Short for “flexible”, flex properties are typically considered a subsect of industrial properties that contain a higher percentage of office buildout than traditional industrial space. Flex properties generally contain 25% or greater office buildout and as such, typically have higher parking ratios than industrial warehouse buildings. Flex is a broad term which can be applied to a variety of specific uses including research and development, light manufacturing and/or assembly, small distribution centers, retail or office showroom space, tech uses or call centers.
Examples of flex space may include a repair business with offices in one part of the building and repair/“floor” space in another or kitchen showroom which has displays in the front part of the building and storage and offices in the back. Note that since flex is a broad term, it is not as clearly defined as other properties types and may include or exclude specific usages depending on the market or organization in which the term is used.
Flex space generally doesn’t include common areas, which decreases rents for tenants. The tenant leases only space that they’ll use. Because the space is stripped down, tenants are able to build it out into virtually use. This can range from a showroom to a laboratory. Additionally, tenants can add custom features, including an HVAC, security, and set operating hours.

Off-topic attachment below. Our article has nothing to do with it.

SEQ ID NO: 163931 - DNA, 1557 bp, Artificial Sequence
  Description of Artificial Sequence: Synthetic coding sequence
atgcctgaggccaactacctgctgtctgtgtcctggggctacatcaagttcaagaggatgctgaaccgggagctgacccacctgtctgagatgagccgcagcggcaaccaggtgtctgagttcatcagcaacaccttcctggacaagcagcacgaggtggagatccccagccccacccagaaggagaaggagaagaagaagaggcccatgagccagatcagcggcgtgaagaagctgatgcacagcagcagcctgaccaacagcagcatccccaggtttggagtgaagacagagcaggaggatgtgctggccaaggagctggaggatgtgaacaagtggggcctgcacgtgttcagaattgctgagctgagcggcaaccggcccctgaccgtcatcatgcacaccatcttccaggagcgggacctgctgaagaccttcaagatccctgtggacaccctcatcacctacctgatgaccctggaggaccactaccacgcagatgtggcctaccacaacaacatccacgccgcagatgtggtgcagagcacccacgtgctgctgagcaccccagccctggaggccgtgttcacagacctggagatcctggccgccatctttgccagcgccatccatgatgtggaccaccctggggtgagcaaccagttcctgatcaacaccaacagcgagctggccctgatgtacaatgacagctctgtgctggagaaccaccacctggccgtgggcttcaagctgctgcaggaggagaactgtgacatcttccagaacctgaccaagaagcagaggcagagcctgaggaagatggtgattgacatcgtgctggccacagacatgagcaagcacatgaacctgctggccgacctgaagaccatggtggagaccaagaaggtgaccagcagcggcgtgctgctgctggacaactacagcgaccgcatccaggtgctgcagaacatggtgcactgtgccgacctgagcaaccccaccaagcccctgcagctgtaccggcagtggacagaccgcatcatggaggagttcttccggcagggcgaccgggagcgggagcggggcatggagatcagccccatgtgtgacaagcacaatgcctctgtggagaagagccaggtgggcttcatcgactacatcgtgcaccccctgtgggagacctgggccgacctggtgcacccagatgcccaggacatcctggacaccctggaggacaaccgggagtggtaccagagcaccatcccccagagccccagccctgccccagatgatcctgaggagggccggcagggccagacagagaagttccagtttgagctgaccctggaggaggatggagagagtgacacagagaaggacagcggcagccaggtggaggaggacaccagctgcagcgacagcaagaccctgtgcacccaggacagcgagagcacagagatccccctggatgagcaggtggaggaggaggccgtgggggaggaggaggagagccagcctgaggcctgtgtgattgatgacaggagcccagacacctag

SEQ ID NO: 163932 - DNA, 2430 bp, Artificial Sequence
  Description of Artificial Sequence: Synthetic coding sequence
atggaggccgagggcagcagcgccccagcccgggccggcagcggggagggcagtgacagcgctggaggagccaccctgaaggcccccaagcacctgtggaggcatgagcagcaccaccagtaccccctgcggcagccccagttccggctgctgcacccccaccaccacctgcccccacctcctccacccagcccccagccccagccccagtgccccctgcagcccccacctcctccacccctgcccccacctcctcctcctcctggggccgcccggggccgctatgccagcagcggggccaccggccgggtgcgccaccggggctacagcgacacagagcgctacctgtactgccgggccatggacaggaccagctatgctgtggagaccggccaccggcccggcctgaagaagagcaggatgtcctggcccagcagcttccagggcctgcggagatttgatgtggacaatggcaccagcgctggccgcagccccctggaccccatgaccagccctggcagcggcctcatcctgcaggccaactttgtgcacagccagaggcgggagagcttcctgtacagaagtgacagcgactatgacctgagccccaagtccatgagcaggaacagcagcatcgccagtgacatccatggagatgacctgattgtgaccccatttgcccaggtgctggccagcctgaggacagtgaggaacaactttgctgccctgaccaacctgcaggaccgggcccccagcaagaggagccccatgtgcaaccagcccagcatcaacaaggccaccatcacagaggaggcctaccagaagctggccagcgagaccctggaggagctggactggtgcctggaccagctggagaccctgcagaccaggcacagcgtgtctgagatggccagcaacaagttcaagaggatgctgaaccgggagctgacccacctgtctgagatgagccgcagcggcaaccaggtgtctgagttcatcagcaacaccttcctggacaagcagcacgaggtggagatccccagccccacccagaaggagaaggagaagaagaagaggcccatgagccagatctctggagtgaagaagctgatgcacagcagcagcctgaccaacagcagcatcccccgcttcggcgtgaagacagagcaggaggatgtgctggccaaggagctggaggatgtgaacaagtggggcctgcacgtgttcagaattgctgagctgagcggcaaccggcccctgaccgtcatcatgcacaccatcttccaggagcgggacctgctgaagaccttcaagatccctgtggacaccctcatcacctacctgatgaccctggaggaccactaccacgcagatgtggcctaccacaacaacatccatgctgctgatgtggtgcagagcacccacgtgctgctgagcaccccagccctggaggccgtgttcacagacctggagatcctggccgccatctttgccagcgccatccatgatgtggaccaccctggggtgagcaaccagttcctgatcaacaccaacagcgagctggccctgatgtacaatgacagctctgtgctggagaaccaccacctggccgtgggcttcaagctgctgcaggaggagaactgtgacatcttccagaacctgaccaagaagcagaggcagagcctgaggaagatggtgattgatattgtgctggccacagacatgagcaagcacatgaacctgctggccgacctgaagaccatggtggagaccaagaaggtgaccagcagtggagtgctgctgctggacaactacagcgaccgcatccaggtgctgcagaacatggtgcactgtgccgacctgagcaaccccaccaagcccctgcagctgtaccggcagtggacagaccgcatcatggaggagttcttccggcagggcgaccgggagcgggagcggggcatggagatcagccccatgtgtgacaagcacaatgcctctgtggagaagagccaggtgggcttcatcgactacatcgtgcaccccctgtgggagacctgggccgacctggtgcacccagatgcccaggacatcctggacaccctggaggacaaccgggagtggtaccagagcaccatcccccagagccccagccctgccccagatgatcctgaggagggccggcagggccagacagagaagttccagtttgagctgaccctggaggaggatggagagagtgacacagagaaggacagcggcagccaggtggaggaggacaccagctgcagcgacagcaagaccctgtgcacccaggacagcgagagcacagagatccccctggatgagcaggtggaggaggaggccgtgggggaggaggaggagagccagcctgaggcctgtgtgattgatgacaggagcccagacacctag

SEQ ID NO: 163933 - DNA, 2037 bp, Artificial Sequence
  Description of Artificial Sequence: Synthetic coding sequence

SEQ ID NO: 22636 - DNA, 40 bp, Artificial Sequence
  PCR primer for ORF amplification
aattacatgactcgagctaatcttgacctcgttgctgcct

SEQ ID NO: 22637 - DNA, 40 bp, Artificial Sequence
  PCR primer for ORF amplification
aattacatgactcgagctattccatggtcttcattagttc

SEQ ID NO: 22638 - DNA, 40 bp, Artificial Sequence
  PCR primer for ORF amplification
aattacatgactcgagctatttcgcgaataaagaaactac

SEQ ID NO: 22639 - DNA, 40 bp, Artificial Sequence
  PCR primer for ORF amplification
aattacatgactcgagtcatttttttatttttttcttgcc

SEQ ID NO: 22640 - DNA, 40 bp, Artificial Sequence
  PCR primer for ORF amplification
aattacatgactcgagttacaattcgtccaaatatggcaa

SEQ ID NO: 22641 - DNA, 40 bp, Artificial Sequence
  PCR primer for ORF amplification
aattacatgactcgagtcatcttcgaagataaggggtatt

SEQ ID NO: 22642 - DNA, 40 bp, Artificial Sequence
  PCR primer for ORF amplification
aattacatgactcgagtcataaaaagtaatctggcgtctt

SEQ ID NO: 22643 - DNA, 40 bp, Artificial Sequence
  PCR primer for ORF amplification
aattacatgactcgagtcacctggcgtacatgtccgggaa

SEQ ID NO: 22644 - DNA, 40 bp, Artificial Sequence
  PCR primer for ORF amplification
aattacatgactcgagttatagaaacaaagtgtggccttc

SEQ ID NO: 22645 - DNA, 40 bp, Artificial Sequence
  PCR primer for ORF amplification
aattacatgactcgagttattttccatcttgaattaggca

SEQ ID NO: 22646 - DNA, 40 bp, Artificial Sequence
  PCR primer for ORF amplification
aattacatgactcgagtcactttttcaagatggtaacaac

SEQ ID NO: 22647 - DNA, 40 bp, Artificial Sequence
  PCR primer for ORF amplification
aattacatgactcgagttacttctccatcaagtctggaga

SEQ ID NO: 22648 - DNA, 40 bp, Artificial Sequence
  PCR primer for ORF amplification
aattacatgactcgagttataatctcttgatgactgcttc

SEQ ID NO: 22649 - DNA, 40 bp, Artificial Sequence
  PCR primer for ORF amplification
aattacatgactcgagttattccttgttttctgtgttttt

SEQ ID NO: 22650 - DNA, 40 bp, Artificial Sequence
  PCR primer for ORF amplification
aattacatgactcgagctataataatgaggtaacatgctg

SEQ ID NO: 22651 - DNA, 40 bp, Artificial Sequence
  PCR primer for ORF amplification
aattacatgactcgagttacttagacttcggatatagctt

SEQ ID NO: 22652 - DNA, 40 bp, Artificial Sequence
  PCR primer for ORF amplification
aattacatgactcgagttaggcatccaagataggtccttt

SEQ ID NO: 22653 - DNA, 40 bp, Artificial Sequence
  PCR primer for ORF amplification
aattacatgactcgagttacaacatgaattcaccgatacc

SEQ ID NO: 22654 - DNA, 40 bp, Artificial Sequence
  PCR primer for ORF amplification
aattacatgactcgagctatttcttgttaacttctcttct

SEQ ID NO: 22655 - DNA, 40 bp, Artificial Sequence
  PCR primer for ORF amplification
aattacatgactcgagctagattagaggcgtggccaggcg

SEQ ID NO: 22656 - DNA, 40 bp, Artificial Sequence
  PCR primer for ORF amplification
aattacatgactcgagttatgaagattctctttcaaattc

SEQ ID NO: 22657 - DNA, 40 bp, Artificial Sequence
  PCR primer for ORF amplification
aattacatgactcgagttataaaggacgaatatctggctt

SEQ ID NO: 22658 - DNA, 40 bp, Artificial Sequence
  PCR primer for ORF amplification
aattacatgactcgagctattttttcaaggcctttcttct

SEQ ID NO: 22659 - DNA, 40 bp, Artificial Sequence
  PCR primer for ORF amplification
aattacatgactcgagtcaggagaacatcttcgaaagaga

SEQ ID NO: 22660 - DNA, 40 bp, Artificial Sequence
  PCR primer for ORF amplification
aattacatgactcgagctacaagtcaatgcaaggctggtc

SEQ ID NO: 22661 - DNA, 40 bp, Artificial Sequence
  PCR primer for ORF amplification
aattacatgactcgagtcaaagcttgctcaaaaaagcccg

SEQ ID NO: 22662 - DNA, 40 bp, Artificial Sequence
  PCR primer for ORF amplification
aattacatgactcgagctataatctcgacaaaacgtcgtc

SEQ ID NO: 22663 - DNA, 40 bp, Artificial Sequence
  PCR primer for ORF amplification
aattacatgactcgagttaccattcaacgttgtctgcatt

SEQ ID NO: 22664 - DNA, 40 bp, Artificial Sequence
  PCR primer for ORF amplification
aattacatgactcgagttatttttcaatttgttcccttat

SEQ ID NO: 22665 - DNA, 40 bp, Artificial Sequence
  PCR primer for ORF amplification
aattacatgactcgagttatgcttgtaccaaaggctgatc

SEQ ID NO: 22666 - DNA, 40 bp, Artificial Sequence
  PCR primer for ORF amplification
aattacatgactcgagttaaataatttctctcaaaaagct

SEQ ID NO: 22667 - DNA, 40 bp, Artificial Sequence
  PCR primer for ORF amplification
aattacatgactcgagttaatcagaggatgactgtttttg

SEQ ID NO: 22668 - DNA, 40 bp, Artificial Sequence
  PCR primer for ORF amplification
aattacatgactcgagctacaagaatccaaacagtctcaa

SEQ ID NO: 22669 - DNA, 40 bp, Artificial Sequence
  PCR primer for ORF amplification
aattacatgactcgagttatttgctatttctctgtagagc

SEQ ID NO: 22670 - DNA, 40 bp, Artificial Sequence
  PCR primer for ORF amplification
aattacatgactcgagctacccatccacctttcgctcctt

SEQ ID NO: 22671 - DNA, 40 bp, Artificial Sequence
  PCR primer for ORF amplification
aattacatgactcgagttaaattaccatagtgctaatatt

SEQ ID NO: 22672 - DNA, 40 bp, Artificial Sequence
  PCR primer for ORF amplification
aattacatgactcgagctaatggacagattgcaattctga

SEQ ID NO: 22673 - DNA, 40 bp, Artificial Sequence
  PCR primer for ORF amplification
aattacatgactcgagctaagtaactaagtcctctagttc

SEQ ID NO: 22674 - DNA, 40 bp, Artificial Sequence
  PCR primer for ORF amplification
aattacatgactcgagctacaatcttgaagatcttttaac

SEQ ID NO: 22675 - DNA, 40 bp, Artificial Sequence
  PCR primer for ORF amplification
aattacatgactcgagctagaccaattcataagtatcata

Flex spaces are leased short-term (monthly) or middle-term, going from 3-5 years. These shorter leases are beneficial to rapidly growing businesses. As a business expands, it can move out of one flex space and into a larger one, building the new space out to fit their business. Flex spaces can be as large as 60,000 square feet.
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